Hair. Growth. Identity. My journey with my hair/self

Hair. Growth. Identity. My journey with my hair/self

Coleen ANTOINETTE

Monday, July 06, 2020

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I hated my hair as a child. It was big, coarse, and looked like tousled spikes when unplaited. On top of it all, grooming was a painful experience and I dreaded washing and the accompanying torture of styling.

After hours of broken combs, yanking of hair roots and endless tears, I would be rewarded with styles that were so beautiful, everyone would touch or comment on the beauty while I winced from headaches caused by the discomfort of hair combed so tight.

As I grew older and my hair got thicker, those tasked with grooming my hair found the solution of softening my kinks with an iron comb. Oh, how I loved the feel of silky soft hair and I was also convinced that I looked as pretty as those girls on TV. My hair moved from standing tall to falling almost at my waistline and if I was cautious enough to keep it from getting wet, it lasted me for at least two weeks. The drawback was the steam from the hot comb that scorched my scalp during pressing.

In my community, it was a rite of passage for young ladies to be rewarded with processed hair for their graduation from high school, and so at the age of 15, I got the ultimate gift of relaxed hair which meant straighter for longer. Unfortunately, my happiness was short-lived as my beautiful hair was damaged due to a lack of care. By upper sixth form,I was sporting the then-famous Halle Berry/Toni Braxton pixie cut.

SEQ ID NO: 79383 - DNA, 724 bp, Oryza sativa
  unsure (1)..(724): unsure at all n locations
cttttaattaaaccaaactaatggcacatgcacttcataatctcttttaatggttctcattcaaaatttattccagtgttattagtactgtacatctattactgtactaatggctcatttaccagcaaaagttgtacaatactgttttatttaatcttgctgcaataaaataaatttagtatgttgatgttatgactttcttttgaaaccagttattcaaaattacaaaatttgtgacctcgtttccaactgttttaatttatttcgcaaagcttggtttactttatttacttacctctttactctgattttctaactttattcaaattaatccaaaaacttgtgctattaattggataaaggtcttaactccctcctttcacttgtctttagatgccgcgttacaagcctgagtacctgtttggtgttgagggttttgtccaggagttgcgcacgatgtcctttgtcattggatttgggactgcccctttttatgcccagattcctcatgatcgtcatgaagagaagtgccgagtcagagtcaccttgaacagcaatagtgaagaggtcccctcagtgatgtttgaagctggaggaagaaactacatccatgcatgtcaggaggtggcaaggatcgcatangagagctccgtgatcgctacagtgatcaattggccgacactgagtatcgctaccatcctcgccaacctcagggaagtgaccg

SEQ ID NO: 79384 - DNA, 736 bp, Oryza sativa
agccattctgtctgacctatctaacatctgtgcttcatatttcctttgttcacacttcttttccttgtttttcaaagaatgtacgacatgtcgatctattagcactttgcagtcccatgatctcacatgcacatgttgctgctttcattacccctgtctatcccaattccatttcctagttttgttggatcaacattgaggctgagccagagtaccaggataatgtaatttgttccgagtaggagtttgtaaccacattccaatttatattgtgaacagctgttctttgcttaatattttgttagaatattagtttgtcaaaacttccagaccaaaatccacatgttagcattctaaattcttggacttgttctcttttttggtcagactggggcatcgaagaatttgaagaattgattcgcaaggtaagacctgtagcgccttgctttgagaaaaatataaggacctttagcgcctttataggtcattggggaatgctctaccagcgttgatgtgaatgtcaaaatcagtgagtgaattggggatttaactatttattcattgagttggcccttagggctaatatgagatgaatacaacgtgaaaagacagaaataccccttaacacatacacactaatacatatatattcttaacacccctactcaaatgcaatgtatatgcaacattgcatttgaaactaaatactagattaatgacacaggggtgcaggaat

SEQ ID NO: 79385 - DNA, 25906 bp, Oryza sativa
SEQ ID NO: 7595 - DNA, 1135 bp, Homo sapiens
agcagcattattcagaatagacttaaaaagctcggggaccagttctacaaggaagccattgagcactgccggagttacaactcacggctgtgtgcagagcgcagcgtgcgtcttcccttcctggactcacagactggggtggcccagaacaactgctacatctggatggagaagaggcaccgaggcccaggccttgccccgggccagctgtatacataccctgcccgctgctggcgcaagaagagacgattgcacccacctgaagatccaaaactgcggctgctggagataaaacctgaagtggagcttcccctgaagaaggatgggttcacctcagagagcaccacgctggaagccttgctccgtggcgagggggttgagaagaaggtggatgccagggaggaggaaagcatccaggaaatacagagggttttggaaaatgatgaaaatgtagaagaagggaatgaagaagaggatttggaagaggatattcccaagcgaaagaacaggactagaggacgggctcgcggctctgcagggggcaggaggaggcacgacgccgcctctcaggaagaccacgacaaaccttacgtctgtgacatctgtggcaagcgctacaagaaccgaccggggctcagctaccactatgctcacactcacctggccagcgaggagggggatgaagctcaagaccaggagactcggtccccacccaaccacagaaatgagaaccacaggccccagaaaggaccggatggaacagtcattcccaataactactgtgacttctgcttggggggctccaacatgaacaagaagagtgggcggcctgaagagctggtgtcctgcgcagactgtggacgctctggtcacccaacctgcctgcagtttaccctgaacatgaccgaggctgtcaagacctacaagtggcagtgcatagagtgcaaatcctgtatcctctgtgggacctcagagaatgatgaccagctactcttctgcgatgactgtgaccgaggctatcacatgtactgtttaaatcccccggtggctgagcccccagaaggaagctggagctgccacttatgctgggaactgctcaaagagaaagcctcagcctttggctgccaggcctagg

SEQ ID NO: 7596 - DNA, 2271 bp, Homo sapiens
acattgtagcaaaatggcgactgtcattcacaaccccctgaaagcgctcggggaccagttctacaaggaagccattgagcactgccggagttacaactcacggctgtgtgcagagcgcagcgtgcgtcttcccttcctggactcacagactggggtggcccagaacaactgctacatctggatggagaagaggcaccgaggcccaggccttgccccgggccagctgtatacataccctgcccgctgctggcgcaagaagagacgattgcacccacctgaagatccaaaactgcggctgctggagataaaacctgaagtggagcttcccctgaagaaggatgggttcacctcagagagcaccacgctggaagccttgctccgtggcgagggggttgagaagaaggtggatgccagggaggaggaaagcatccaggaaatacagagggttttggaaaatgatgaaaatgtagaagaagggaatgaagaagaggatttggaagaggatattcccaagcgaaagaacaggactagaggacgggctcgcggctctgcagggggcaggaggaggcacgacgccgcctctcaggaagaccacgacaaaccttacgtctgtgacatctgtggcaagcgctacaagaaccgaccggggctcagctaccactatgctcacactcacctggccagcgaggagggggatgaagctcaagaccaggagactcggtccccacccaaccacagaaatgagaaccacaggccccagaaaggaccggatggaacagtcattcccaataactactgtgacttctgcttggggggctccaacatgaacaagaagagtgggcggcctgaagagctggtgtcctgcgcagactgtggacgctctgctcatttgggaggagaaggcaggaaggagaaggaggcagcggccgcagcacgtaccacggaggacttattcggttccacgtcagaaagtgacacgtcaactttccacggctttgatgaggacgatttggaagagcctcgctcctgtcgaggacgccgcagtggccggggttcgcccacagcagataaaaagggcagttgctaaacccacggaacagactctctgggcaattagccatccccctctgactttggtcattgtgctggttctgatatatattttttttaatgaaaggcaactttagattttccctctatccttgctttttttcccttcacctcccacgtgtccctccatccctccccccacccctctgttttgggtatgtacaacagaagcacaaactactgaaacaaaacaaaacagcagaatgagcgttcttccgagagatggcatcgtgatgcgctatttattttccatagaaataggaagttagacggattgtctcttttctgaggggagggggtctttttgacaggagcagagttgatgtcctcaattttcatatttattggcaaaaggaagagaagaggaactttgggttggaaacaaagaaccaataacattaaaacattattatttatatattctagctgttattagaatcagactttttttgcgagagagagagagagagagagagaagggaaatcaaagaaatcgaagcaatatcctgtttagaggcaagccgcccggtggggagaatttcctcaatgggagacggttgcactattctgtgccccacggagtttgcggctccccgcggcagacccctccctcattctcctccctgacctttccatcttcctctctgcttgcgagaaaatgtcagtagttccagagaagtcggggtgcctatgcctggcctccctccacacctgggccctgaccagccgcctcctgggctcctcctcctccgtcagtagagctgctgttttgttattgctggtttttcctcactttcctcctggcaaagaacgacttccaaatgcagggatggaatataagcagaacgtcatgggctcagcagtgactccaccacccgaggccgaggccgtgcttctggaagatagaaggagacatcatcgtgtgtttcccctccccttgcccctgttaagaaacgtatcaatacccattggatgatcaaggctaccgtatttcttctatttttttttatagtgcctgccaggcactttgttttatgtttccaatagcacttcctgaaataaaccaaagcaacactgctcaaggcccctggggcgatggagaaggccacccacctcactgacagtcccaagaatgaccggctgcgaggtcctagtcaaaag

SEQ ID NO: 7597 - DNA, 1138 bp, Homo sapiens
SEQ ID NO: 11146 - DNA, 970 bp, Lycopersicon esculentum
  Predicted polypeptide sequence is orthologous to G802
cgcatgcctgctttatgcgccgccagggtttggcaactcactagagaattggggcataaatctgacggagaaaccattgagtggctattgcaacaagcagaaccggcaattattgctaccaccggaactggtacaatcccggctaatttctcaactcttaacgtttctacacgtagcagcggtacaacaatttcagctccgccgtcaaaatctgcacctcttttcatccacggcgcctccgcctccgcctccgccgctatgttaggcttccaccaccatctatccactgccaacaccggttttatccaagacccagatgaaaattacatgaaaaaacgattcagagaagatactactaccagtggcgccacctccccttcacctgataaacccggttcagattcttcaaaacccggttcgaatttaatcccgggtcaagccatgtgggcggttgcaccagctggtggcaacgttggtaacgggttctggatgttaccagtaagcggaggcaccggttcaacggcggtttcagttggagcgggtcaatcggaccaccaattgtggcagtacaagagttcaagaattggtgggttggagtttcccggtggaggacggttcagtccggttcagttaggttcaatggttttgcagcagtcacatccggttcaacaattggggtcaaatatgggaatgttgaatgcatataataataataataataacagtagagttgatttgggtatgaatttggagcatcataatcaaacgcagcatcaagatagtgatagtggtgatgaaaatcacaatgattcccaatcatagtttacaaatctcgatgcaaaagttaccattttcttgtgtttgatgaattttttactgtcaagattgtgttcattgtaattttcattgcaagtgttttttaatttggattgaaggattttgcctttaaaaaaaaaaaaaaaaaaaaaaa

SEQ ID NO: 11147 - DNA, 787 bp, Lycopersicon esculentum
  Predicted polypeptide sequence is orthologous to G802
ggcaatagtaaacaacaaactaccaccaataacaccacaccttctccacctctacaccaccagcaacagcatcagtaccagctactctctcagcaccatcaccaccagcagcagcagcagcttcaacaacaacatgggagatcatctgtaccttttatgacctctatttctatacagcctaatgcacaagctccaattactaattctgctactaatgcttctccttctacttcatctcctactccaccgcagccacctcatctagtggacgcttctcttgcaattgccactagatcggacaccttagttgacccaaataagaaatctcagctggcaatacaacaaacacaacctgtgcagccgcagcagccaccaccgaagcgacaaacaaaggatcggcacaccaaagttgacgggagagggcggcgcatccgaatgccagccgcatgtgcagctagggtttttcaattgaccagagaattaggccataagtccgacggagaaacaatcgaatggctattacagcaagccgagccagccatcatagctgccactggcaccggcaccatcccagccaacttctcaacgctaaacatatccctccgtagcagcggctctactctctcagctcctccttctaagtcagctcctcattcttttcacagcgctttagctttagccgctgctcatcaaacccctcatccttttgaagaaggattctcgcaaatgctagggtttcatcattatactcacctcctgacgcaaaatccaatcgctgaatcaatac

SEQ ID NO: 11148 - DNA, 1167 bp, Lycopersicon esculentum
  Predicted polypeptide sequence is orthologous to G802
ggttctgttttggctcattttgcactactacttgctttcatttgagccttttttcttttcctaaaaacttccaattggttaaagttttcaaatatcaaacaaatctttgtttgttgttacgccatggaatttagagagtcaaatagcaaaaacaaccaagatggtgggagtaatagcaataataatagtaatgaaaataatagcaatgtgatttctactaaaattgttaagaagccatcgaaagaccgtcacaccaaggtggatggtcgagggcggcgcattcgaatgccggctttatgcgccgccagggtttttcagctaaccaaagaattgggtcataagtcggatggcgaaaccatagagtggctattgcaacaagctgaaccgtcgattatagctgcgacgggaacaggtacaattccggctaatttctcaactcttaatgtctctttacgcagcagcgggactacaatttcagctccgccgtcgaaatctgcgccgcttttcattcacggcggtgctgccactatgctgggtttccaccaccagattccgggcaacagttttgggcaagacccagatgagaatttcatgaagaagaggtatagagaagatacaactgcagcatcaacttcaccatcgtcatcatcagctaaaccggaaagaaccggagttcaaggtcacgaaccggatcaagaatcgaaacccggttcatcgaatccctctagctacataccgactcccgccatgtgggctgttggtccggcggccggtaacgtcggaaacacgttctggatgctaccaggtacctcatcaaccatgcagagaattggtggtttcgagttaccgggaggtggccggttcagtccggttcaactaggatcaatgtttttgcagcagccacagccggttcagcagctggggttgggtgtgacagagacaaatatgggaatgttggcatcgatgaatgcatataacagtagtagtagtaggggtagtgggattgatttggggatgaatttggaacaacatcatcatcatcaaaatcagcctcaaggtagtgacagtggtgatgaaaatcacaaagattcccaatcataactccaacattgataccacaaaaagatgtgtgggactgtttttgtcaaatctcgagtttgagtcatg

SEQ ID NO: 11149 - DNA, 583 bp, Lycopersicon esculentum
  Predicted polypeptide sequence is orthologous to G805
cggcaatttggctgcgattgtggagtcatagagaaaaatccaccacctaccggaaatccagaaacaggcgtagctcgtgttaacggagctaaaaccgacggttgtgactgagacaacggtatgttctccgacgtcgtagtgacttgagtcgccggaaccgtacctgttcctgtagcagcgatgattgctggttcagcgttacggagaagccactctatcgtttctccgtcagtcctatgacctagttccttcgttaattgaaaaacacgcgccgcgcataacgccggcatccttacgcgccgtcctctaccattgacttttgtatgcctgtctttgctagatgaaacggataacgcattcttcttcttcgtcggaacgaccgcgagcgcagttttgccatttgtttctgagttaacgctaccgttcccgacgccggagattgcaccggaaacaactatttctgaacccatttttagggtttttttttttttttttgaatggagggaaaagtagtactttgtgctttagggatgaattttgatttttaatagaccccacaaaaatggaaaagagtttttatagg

Hair has always been important to black culture and the issues we have with it, rooted in our history of enslavement. Men who worked in the fields had their heads shaved and the enslaved women were forced to cover their hair with fabric as it was considered unattractive and offensive; in some instances, women's hair was also shaved. For a culture where hair was deeply symbolic, carrying multiple meanings of cultural, religious, and spiritual connotations, enslavement brought with it the atrocity of racialising black hair.

From a psychologically painful experience to a struggle for identity to a conscious decision to embrace the beauty of my roots, my hair story is a kind of 'Bildungsroman'. Whilst wearing relaxed hair was never an issue of self-hatred for me, it was simply more manageable and less time-consuming. Ignorance made me believe the lies that it made my features softer.

Thankfully, I was awoken early, by the time I entered university at 19. Black was in and natural hair was in style. I transitioned from permed hair with braids and sported a low, curly crop for my undergraduate years. I decided to grow 'dreads' as soon as I started working. I discovered then that dreadlocks simply did not fit into corporate grooming policies. I recall a colleague expressing her disappointment at how unladylike my knots made me look. The longer it grew, the more it seemed to upset their sensibilities and even close friends bemoaned the loss of my beautiful wavy hair, inherent from the relaxer.

My hair clearly meant more to them than it did to me and so by 30, I chopped it all off. Going bald was a liberating experience; attention moved from everything else to my face and the shape of my head. Of course, with it came its own labels and assumptions from the critics.

Fourteen years later, I am growing my hair, and growing along with it. I feel comfortable with my knots — I love its confidence, strength and the natural spikes that pointedly gesture towards the heavens. I am no longer affected by comments from others. My relationship with my hair is personal.

I am embracing my heritage, showing off my ancestry and demonstrating to the world that I love my black hair.

The journey continues…

Coleen Antoinette is a lover of culture and people. She is currently the Director of Marketing Communications at the Edna Manley College of the Visual and Performing Arts. Share your experiences with her at coleenantoinette@gmail.com.


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